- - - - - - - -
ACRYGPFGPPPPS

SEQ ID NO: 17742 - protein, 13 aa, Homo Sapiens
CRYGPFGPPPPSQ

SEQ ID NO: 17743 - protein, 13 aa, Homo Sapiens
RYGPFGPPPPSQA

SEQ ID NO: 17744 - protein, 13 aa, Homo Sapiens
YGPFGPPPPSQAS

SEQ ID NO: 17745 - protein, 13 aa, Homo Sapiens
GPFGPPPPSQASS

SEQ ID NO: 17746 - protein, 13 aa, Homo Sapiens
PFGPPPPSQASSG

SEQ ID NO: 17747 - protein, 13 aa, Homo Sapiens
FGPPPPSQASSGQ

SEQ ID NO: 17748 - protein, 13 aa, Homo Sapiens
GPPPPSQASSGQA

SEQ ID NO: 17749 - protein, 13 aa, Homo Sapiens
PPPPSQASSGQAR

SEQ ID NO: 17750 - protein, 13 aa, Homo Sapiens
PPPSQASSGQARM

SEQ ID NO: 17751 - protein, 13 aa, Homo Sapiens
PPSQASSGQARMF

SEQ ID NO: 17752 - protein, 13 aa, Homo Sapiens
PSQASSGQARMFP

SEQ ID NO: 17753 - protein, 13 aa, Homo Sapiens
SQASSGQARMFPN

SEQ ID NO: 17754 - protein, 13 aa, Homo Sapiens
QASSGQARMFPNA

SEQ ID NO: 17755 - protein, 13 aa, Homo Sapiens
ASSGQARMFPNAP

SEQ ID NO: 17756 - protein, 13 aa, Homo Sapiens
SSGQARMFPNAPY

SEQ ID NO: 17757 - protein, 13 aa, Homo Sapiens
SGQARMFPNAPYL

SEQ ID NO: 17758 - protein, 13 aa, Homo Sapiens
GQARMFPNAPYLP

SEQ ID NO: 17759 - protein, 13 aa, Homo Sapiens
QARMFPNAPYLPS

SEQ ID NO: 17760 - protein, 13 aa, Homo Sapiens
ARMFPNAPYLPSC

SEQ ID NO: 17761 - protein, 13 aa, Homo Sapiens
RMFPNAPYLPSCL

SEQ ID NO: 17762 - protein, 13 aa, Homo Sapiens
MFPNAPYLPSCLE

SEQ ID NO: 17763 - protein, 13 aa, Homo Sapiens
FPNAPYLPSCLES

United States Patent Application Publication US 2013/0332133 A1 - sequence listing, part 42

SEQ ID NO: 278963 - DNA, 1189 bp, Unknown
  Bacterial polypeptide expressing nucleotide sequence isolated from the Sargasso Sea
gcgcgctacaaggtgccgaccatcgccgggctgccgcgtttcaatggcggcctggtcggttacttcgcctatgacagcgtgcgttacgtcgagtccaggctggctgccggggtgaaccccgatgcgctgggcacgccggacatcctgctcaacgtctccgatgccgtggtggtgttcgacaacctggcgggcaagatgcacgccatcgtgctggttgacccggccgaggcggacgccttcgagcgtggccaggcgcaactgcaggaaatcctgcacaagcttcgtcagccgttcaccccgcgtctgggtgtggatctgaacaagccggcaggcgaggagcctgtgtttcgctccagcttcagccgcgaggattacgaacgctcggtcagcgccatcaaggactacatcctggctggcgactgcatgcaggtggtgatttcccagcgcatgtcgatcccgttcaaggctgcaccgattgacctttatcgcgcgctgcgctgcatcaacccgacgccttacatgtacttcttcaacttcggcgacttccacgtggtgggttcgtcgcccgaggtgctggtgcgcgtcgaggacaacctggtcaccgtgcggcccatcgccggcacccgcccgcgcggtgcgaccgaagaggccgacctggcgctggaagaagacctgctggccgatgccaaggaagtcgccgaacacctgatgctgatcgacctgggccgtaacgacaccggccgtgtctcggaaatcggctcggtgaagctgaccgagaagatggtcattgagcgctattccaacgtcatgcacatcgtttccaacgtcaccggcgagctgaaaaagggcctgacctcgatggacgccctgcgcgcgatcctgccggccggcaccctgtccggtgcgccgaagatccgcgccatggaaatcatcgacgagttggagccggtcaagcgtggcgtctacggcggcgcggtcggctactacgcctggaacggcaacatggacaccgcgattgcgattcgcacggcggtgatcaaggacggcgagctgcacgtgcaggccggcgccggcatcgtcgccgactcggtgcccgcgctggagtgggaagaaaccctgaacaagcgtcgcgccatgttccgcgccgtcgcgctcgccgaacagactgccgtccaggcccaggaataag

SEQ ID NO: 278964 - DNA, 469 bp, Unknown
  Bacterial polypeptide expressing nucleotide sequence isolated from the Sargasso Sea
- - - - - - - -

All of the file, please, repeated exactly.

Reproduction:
ACRYGPFGPPPPS

SEQ ID NO: 17742 - protein, 13 aa, Homo Sapiens
CRYGPFGPPPPSQ

SEQ ID NO: 17743 - protein, 13 aa, Homo Sapiens
RYGPFGPPPPSQA

SEQ ID NO: 17744 - protein, 13 aa, Homo Sapiens
YGPFGPPPPSQAS

SEQ ID NO: 17745 - protein, 13 aa, Homo Sapiens
GPFGPPPPSQASS

SEQ ID NO: 17746 - protein, 13 aa, Homo Sapiens
PFGPPPPSQASSG

SEQ ID NO: 17747 - protein, 13 aa, Homo Sapiens
FGPPPPSQASSGQ

SEQ ID NO: 17748 - protein, 13 aa, Homo Sapiens
GPPPPSQASSGQA

SEQ ID NO: 17749 - protein, 13 aa, Homo Sapiens
PPPPSQASSGQAR

SEQ ID NO: 17750 - protein, 13 aa, Homo Sapiens
PPPSQASSGQARM

SEQ ID NO: 17751 - protein, 13 aa, Homo Sapiens
PPSQASSGQARMF

SEQ ID NO: 17752 - protein, 13 aa, Homo Sapiens
PSQASSGQARMFP

SEQ ID NO: 17753 - protein, 13 aa, Homo Sapiens
SQASSGQARMFPN

SEQ ID NO: 17754 - protein, 13 aa, Homo Sapiens
QASSGQARMFPNA

SEQ ID NO: 17755 - protein, 13 aa, Homo Sapiens
ASSGQARMFPNAP

SEQ ID NO: 17756 - protein, 13 aa, Homo Sapiens
SSGQARMFPNAPY

SEQ ID NO: 17757 - protein, 13 aa, Homo Sapiens
SGQARMFPNAPYL

SEQ ID NO: 17758 - protein, 13 aa, Homo Sapiens
GQARMFPNAPYLP

SEQ ID NO: 17759 - protein, 13 aa, Homo Sapiens
QARMFPNAPYLPS

SEQ ID NO: 17760 - protein, 13 aa, Homo Sapiens
ARMFPNAPYLPSC

SEQ ID NO: 17761 - protein, 13 aa, Homo Sapiens
RMFPNAPYLPSCL

SEQ ID NO: 17762 - protein, 13 aa, Homo Sapiens
MFPNAPYLPSCLE

SEQ ID NO: 17763 - protein, 13 aa, Homo Sapiens
FPNAPYLPSCLES

United States Patent Application Publication US 2013/0332133 A1 - sequence listing, part 42

SEQ ID NO: 278963 - DNA, 1189 bp, Unknown
  Bacterial polypeptide expressing nucleotide sequence isolated from the Sargasso Sea
gcgcgctacaaggtgccgaccatcgccgggctgccgcgtttcaatggcggcctggtcggttacttcgcctatgacagcgtgcgttacgtcgagtccaggctggctgccggggtgaaccccgatgcgctgggcacgccggacatcctgctcaacgtctccgatgccgtggtggtgttcgacaacctggcgggcaagatgcacgccatcgtgctggttgacccggccgaggcggacgccttcgagcgtggccaggcgcaactgcaggaaatcctgcacaagcttcgtcagccgttcaccccgcgtctgggtgtggatctgaacaagccggcaggcgaggagcctgtgtttcgctccagcttcagccgcgaggattacgaacgctcggtcagcgccatcaaggactacatcctggctggcgactgcatgcaggtggtgatttcccagcgcatgtcgatcccgttcaaggctgcaccgattgacctttatcgcgcgctgcgctgcatcaacccgacgccttacatgtacttcttcaacttcggcgacttccacgtggtgggttcgtcgcccgaggtgctggtgcgcgtcgaggacaacctggtcaccgtgcggcccatcgccggcacccgcccgcgcggtgcgaccgaagaggccgacctggcgctggaagaagacctgctggccgatgccaaggaagtcgccgaacacctgatgctgatcgacctgggccgtaacgacaccggccgtgtctcggaaatcggctcggtgaagctgaccgagaagatggtcattgagcgctattccaacgtcatgcacatcgtttccaacgtcaccggcgagctgaaaaagggcctgacctcgatggacgccctgcgcgcgatcctgccggccggcaccctgtccggtgcgccgaagatccgcgccatggaaatcatcgacgagttggagccggtcaagcgtggcgtctacggcggcgcggtcggctactacgcctggaacggcaacatggacaccgcgattgcgattcgcacggcggtgatcaaggacggcgagctgcacgtgcaggccggcgccggcatcgtcgccgactcggtgcccgcgctggagtgggaagaaaccctgaacaagcgtcgcgccatgttccgcgccgtcgcgctcgccgaacagactgccgtccaggcccaggaataag

SEQ ID NO: 278964 - DNA, 469 bp, Unknown
  Bacterial polypeptide expressing nucleotide sequence isolated from the Sargasso Sea